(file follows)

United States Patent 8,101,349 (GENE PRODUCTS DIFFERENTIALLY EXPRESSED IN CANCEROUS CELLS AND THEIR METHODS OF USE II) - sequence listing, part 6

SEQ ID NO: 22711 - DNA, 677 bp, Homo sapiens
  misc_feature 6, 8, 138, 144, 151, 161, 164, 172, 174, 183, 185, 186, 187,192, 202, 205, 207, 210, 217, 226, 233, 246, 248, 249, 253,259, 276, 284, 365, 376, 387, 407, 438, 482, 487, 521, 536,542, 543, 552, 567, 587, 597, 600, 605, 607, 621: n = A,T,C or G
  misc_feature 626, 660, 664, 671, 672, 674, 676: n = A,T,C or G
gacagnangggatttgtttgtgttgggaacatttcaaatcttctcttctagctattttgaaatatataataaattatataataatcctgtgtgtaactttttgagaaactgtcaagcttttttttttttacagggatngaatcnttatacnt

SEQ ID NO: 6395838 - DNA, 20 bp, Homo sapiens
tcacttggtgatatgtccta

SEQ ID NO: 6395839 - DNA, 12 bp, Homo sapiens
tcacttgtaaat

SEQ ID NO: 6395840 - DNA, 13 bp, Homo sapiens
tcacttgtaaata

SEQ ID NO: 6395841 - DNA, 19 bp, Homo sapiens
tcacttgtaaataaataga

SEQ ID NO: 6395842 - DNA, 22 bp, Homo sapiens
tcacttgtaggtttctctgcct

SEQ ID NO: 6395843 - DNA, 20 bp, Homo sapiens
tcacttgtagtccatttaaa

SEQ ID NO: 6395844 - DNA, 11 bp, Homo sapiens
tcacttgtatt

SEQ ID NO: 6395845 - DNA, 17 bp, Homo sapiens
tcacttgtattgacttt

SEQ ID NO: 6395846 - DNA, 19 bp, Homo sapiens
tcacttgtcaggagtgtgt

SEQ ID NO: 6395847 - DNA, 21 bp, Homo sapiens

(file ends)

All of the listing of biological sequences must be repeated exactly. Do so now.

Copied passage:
United States Patent 8,101,349 (GENE PRODUCTS DIFFERENTIALLY EXPRESSED IN CANCEROUS CELLS AND THEIR METHODS OF USE II) - sequence listing, part 6

SEQ ID NO: 22711 - DNA, 677 bp, Homo sapiens
  misc_feature 6, 8, 138, 144, 151, 161, 164, 172, 174, 183, 185, 186, 187,192, 202, 205, 207, 210, 217, 226, 233, 246, 248, 249, 253,259, 276, 284, 365, 376, 387, 407, 438, 482, 487, 521, 536,542, 543, 552, 567, 587, 597, 600, 605, 607, 621: n = A,T,C or G
  misc_feature 626, 660, 664, 671, 672, 674, 676: n = A,T,C or G
gacagnangggatttgtttgtgttgggaacatttcaaatcttctcttctagctattttgaaatatataataaattatataataatcctgtgtgtaactttttgagaaactgtcaagcttttttttttttacagggatngaatcnttatacnt

SEQ ID NO: 6395838 - DNA, 20 bp, Homo sapiens
tcacttggtgatatgtccta

SEQ ID NO: 6395839 - DNA, 12 bp, Homo sapiens
tcacttgtaaat

SEQ ID NO: 6395840 - DNA, 13 bp, Homo sapiens
tcacttgtaaata

SEQ ID NO: 6395841 - DNA, 19 bp, Homo sapiens
tcacttgtaaataaataga

SEQ ID NO: 6395842 - DNA, 22 bp, Homo sapiens
tcacttgtaggtttctctgcct

SEQ ID NO: 6395843 - DNA, 20 bp, Homo sapiens
tcacttgtagtccatttaaa

SEQ ID NO: 6395844 - DNA, 11 bp, Homo sapiens
tcacttgtatt

SEQ ID NO: 6395845 - DNA, 17 bp, Homo sapiens
tcacttgtattgacttt

SEQ ID NO: 6395846 - DNA, 19 bp, Homo sapiens
tcacttgtcaggagtgtgt

SEQ ID NO: 6395847 - DNA, 21 bp, Homo sapiens